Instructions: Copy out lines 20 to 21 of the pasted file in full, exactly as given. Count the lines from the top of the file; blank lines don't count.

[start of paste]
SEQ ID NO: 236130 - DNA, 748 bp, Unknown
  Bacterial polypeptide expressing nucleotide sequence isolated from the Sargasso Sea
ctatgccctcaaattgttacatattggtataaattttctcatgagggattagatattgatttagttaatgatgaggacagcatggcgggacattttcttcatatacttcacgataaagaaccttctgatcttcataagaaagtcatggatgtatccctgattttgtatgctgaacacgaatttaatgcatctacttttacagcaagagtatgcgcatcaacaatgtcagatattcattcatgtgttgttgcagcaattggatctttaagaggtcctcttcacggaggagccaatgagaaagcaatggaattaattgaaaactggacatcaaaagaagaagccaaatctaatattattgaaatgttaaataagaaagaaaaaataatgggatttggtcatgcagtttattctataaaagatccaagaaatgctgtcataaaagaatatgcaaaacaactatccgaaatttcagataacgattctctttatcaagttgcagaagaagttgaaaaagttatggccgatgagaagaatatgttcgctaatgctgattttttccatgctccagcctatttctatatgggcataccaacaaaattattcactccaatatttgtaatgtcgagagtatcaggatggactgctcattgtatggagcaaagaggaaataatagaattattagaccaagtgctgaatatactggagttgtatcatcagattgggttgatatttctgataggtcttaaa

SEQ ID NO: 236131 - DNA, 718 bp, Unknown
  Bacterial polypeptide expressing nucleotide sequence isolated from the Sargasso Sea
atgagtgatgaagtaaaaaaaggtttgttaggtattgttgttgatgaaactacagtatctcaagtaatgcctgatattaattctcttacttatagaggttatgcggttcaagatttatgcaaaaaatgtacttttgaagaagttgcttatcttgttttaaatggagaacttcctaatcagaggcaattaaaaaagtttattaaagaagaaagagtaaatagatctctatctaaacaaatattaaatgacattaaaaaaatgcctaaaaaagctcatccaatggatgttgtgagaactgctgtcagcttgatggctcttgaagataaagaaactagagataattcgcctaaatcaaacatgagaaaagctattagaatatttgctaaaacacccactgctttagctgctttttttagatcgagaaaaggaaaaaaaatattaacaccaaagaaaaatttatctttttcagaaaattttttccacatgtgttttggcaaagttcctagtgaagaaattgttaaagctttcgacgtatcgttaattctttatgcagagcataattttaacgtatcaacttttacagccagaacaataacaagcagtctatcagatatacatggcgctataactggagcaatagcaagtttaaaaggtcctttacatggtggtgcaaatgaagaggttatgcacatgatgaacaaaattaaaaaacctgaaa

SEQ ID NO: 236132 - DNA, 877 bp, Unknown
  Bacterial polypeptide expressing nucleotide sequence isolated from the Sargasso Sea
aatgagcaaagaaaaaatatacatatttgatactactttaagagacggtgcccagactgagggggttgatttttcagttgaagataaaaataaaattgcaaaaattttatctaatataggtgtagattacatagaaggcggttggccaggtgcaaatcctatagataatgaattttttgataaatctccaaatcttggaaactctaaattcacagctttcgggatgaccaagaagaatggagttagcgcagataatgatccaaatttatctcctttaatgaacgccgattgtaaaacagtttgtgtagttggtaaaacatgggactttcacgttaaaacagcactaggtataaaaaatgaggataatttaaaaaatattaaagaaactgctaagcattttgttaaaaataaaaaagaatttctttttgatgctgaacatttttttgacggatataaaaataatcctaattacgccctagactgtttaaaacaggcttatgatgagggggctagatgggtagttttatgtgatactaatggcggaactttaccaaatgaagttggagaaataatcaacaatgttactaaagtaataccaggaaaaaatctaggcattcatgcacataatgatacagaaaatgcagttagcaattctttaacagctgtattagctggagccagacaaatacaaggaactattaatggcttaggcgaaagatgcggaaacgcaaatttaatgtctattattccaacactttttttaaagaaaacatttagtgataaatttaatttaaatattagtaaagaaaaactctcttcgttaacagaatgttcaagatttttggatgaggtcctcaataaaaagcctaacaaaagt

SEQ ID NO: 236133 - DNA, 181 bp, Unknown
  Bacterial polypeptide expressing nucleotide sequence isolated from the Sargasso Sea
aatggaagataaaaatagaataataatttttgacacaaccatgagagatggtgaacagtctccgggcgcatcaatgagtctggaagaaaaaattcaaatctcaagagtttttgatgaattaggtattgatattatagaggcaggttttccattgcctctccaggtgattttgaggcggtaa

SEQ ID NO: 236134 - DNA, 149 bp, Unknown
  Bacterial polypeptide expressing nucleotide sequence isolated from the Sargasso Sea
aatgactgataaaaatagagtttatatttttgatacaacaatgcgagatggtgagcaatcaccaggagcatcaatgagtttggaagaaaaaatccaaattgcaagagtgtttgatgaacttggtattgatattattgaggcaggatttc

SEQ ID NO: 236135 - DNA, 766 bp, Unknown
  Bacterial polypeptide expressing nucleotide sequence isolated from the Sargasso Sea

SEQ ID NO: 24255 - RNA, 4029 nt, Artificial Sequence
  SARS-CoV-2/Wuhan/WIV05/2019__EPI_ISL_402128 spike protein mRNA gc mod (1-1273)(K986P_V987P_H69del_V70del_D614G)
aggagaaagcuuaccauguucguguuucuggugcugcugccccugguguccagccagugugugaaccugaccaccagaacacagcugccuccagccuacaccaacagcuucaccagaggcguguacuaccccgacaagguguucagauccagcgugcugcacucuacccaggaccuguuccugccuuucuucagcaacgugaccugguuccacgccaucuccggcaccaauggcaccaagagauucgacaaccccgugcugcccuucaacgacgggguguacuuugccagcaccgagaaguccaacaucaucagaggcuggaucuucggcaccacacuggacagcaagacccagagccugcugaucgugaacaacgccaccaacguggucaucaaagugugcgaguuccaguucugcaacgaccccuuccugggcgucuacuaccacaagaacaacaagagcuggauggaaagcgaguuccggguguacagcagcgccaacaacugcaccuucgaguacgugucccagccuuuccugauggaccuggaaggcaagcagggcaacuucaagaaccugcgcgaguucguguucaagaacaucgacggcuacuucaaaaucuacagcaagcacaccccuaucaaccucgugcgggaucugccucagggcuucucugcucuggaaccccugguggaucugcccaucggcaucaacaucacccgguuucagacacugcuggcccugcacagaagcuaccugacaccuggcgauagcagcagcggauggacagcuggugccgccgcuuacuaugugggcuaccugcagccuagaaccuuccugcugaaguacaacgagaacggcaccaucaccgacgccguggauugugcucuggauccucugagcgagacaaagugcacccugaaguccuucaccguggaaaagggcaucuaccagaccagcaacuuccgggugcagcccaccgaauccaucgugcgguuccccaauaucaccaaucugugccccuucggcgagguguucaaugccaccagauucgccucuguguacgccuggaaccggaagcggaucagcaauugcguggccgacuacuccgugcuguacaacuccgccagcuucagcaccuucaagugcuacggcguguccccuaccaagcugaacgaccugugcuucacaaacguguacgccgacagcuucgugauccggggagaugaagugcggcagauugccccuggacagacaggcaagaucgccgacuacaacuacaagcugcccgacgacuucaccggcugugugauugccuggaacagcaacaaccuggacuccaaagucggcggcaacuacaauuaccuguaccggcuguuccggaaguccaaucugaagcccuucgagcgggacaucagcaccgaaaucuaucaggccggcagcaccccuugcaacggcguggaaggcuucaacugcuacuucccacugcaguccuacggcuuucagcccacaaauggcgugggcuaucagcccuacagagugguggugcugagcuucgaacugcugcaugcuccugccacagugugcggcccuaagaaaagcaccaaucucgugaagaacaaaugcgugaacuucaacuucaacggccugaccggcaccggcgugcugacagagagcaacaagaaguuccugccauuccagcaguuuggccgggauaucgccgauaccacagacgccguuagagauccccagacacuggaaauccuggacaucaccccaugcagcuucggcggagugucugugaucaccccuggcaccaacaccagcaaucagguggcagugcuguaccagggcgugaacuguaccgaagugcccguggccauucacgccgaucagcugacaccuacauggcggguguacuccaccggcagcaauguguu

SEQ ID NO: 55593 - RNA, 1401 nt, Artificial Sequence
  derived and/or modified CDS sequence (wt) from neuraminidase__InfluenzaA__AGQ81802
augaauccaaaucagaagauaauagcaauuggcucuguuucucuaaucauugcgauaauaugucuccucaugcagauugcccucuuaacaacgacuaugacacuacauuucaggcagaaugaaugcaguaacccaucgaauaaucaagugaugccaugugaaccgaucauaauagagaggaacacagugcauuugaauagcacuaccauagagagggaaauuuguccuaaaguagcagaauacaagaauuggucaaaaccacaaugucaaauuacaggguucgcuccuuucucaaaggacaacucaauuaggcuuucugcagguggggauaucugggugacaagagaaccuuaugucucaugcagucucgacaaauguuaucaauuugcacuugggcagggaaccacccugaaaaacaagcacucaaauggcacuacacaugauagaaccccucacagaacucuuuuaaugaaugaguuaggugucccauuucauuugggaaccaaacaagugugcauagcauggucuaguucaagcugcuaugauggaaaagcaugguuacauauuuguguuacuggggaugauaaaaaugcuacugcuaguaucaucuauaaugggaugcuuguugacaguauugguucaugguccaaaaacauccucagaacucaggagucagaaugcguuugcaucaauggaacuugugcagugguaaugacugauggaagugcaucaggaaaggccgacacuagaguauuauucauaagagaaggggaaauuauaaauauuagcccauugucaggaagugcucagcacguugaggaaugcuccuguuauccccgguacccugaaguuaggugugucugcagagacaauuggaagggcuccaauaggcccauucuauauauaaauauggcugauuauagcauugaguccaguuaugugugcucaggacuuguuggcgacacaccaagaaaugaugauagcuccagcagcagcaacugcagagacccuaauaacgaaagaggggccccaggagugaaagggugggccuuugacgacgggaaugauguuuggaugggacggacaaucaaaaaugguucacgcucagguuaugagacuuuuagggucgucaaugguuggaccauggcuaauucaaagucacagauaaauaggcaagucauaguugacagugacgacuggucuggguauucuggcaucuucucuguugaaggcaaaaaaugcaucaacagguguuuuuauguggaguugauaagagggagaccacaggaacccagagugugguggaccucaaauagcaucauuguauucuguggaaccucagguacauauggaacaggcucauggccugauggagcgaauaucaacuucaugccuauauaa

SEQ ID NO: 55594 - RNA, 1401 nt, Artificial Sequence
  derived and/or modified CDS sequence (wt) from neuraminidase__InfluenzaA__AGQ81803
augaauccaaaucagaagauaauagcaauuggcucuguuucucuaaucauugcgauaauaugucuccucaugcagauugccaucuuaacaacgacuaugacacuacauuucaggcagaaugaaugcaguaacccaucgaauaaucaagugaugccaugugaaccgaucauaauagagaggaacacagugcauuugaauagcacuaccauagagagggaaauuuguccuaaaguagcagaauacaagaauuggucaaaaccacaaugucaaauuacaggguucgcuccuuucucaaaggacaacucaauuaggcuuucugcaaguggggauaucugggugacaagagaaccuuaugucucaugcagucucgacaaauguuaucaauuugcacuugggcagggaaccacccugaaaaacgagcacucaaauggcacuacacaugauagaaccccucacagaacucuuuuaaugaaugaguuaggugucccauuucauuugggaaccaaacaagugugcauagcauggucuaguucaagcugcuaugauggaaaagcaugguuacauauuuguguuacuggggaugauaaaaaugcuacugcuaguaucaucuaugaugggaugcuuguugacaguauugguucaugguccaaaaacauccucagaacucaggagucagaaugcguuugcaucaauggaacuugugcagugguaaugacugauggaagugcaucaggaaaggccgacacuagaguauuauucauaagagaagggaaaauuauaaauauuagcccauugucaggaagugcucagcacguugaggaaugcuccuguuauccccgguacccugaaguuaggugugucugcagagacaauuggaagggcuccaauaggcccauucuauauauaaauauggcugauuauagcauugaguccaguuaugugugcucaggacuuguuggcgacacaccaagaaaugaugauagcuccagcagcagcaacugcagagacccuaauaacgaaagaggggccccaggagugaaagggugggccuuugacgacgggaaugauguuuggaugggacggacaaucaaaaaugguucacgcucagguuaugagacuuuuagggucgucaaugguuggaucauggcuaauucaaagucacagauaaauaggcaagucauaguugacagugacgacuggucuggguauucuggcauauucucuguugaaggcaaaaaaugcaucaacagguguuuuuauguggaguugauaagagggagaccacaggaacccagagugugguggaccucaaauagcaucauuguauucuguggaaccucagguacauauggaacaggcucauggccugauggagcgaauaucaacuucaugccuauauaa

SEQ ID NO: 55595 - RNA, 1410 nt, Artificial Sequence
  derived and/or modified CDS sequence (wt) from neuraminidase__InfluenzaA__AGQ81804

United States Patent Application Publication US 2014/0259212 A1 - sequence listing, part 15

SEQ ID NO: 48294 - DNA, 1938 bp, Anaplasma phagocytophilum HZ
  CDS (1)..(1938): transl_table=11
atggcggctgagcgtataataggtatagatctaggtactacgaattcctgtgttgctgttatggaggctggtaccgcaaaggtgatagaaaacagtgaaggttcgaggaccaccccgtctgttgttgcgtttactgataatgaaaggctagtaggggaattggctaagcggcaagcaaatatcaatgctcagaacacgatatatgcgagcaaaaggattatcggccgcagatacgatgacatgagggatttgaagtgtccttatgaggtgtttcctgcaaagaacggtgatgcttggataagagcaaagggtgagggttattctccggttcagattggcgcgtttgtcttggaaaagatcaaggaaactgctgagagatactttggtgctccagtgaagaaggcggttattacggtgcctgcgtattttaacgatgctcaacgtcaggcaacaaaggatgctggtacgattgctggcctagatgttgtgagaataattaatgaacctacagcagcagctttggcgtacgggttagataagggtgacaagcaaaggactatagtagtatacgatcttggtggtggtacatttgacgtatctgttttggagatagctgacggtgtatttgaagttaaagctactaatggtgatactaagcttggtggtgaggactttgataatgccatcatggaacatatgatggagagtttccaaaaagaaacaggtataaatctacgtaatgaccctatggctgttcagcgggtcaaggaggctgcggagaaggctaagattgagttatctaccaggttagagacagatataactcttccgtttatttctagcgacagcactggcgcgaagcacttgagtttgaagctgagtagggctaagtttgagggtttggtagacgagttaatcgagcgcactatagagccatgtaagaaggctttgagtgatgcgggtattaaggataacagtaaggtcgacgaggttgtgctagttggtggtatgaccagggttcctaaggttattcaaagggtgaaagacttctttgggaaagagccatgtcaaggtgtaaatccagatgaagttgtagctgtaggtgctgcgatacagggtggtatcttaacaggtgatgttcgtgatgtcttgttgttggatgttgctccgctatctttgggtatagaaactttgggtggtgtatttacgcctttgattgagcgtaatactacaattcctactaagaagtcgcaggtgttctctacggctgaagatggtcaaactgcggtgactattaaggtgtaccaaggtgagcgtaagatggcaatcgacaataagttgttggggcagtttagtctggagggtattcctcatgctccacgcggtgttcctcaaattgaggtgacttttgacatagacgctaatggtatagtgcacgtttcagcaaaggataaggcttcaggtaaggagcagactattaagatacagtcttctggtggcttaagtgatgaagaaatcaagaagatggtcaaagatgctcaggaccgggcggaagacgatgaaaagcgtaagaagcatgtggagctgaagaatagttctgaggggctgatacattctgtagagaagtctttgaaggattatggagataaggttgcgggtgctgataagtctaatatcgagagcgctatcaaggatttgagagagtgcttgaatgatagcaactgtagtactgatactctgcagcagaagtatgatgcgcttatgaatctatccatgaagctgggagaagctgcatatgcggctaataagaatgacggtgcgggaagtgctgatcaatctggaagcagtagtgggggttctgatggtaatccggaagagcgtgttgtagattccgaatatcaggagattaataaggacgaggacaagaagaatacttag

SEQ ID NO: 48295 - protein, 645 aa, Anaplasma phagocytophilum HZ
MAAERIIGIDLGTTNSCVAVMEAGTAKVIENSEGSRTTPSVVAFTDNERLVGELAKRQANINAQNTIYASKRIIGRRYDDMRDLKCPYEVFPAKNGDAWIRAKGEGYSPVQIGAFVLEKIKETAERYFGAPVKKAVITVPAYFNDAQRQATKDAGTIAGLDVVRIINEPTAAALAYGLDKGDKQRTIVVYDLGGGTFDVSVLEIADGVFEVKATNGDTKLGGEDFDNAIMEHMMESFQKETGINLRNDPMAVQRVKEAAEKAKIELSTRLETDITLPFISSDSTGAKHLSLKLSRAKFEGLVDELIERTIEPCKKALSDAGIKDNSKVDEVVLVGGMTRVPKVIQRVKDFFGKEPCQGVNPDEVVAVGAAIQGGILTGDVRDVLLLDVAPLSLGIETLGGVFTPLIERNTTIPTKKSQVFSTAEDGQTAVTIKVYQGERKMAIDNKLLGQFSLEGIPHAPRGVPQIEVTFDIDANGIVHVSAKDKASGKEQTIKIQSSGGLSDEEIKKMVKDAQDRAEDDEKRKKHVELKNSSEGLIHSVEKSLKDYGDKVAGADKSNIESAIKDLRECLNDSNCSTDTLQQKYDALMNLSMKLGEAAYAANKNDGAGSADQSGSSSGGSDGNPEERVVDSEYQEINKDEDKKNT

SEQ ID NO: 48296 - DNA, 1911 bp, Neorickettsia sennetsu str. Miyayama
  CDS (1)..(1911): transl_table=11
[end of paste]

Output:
aggagaaagcuuaccauguucguguuucuggugcugcugccccugguguccagccagugugugaaccugaccaccagaacacagcugccuccagccuacaccaacagcuucaccagaggcguguacuaccccgacaagguguucagauccagcgugcugcacucuacccaggaccuguuccugccuuucuucagcaacgugaccugguuccacgccaucuccggcaccaauggcaccaagagauucgacaaccccgugcugcccuucaacgacgggguguacuuugccagcaccgagaaguccaacaucaucagaggcuggaucuucggcaccacacuggacagcaagacccagagccugcugaucgugaacaacgccaccaacguggucaucaaagugugcgaguuccaguucugcaacgaccccuuccugggcgucuacuaccacaagaacaacaagagcuggauggaaagcgaguuccggguguacagcagcgccaacaacugcaccuucgaguacgugucccagccuuuccugauggaccuggaaggcaagcagggcaacuucaagaaccugcgcgaguucguguucaagaacaucgacggcuacuucaaaaucuacagcaagcacaccccuaucaaccucgugcgggaucugccucagggcuucucugcucuggaaccccugguggaucugcccaucggcaucaacaucacccgguuucagacacugcuggcccugcacagaagcuaccugacaccuggcgauagcagcagcggauggacagcuggugccgccgcuuacuaugugggcuaccugcagccuagaaccuuccugcugaaguacaacgagaacggcaccaucaccgacgccguggauugugcucuggauccucugagcgagacaaagugcacccugaaguccuucaccguggaaaagggcaucuaccagaccagcaacuuccgggugcagcccaccgaauccaucgugcgguuccccaauaucaccaaucugugccccuucggcgagguguucaaugccaccagauucgccucuguguacgccuggaaccggaagcggaucagcaauugcguggccgacuacuccgugcuguacaacuccgccagcuucagcaccuucaagugcuacggcguguccccuaccaagcugaacgaccugugcuucacaaacguguacgccgacagcuucgugauccggggagaugaagugcggcagauugccccuggacagacaggcaagaucgccgacuacaacuacaagcugcccgacgacuucaccggcugugugauugccuggaacagcaacaaccuggacuccaaagucggcggcaacuacaauuaccuguaccggcuguuccggaaguccaaucugaagcccuucgagcgggacaucagcaccgaaaucuaucaggccggcagcaccccuugcaacggcguggaaggcuucaacugcuacuucccacugcaguccuacggcuuucagcccacaaauggcgugggcuaucagcccuacagagugguggugcugagcuucgaacugcugcaugcuccugccacagugugcggcccuaagaaaagcaccaaucucgugaagaacaaaugcgugaacuucaacuucaacggccugaccggcaccggcgugcugacagagagcaacaagaaguuccugccauuccagcaguuuggccgggauaucgccgauaccacagacgccguuagagauccccagacacuggaaauccuggacaucaccccaugcagcuucggcggagugucugugaucaccccuggcaccaacaccagcaaucagguggcagugcuguaccagggcgugaacuguaccgaagugcccguggccauucacgccgaucagcugacaccuacauggcggguguacuccaccggcagcaauguguu

SEQ ID NO: 55593 - RNA, 1401 nt, Artificial Sequence